Leonard Bernstein's first recording of Shostakovich's Fifth with the New York Philharmonic was made soon after Bernstein and the NYP returned from a tour of the USSR, where their performance of the work was praised by the composer himself. It was an extravagantly emotional and extraordinarily harrowing performance, and one can readily understand why the composer and the record-buying public were so taken with it.
Bernstein's second recording of Shostakovich's Fifth with the New York Philharmonic was made in 1979 while Bernstein and the NYP were on tour in Japan, where their performance of the work was praised by audiences and critics. When this live recording was released in the United States, it was praised by critics and, once again, the record-buying public was quite taken with it.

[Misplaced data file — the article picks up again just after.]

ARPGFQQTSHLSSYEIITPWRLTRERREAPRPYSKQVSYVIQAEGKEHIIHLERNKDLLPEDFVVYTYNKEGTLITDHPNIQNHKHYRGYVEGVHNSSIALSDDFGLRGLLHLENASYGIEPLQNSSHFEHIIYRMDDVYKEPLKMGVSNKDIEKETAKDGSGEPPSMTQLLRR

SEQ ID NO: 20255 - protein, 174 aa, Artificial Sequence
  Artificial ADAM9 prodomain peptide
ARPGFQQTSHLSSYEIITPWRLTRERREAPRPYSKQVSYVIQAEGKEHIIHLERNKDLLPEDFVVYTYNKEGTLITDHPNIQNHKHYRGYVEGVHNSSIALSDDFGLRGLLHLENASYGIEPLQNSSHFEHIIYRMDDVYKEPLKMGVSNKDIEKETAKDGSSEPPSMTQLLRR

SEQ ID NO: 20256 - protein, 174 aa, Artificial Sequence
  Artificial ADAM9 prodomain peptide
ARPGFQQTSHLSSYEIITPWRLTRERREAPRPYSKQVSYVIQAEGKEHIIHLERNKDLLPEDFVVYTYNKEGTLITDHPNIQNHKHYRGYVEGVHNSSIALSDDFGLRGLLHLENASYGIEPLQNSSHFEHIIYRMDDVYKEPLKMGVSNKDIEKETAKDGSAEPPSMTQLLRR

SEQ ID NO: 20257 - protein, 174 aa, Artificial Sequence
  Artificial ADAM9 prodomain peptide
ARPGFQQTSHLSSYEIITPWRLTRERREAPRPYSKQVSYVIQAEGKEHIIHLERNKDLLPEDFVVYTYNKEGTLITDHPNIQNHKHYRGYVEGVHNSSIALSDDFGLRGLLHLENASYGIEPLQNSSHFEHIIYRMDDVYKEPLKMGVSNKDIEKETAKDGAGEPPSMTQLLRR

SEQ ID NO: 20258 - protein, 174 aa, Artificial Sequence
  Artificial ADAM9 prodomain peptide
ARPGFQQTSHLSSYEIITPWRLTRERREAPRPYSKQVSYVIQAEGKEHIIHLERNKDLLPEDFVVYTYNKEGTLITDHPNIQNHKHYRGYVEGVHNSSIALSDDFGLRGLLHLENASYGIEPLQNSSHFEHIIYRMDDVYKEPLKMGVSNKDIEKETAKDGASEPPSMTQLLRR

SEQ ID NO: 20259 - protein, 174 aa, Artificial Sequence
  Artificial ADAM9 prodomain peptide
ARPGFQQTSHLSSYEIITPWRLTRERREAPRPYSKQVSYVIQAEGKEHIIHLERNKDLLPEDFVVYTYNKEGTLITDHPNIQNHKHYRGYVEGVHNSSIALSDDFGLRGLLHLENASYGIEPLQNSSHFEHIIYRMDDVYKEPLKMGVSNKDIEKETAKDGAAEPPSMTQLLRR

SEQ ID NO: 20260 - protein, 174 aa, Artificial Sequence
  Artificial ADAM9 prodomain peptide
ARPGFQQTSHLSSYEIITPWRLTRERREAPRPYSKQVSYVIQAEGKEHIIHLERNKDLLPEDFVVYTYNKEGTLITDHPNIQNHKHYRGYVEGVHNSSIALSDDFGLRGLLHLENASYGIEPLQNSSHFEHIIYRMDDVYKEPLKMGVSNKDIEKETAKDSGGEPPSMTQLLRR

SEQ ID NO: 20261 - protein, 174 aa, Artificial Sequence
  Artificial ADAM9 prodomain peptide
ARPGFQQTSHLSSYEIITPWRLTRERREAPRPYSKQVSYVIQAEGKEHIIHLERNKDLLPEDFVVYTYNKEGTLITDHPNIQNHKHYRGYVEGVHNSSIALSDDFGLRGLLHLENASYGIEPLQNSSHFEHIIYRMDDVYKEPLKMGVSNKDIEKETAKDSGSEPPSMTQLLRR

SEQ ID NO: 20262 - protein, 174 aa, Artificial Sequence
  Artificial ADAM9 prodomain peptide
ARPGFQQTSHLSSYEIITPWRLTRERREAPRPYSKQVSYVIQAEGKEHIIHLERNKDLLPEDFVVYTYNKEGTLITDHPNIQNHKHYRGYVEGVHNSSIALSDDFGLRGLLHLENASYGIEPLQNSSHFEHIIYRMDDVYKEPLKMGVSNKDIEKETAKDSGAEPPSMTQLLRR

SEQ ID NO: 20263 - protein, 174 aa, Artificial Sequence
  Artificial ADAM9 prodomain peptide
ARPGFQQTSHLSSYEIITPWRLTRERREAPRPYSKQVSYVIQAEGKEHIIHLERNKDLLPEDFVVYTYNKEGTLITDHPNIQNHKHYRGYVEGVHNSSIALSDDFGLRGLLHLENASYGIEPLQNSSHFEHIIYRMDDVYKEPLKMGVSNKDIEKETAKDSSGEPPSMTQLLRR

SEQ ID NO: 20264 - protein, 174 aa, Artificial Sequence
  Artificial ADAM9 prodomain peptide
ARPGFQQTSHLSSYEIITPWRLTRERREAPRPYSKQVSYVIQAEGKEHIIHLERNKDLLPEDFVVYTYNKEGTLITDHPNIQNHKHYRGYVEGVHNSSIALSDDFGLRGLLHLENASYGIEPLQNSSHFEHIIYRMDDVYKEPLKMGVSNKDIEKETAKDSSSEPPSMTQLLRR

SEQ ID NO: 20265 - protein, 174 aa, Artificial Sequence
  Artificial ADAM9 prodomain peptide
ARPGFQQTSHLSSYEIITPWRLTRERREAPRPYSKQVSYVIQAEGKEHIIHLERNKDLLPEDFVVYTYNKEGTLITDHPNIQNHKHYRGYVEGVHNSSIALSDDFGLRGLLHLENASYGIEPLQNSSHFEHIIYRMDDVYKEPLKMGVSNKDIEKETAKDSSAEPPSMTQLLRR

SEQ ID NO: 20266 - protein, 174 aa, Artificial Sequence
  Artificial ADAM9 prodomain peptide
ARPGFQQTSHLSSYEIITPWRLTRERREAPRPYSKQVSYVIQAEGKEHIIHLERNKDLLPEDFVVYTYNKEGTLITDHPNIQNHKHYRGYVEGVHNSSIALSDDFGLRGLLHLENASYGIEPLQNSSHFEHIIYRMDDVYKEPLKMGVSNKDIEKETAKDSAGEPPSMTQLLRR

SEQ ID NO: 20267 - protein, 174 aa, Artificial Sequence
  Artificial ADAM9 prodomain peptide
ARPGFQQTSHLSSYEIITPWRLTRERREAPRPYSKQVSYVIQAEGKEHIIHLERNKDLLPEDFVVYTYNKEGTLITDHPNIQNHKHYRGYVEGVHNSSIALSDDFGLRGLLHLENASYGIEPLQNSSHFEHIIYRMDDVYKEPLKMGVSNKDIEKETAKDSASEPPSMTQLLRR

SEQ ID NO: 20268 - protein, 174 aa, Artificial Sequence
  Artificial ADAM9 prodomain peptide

A quarter of a century later, Bernstein's second recording of the Fifth sounds not extravagantly emotional but extravagantly sloppy -- listen to the botched tempo changes in the development section of the opening movement -- and not so much extraordinarily harrowing as extraordinarily self-indulgent -- listen to the unending banality of the coda of the closing movement. By way of comparison, listen to Rudolf Barshai and the MITO Chamber Orchestra's recording of Shostakovich's string symphony transcription of his Eighth String Quartet, which follows Bernstein's Fifth. Barshai's performance is as intensely emotional as Bernstein's, but precise, and immensely harrowing, but controlled. Anyone who loves Shostakovich should hear Barshai's performance, but anyone who loves Shostakovich should avoid Bernstein's performance. Sony's live sound was loud and harsh in its day and louder and harsher in this remastering.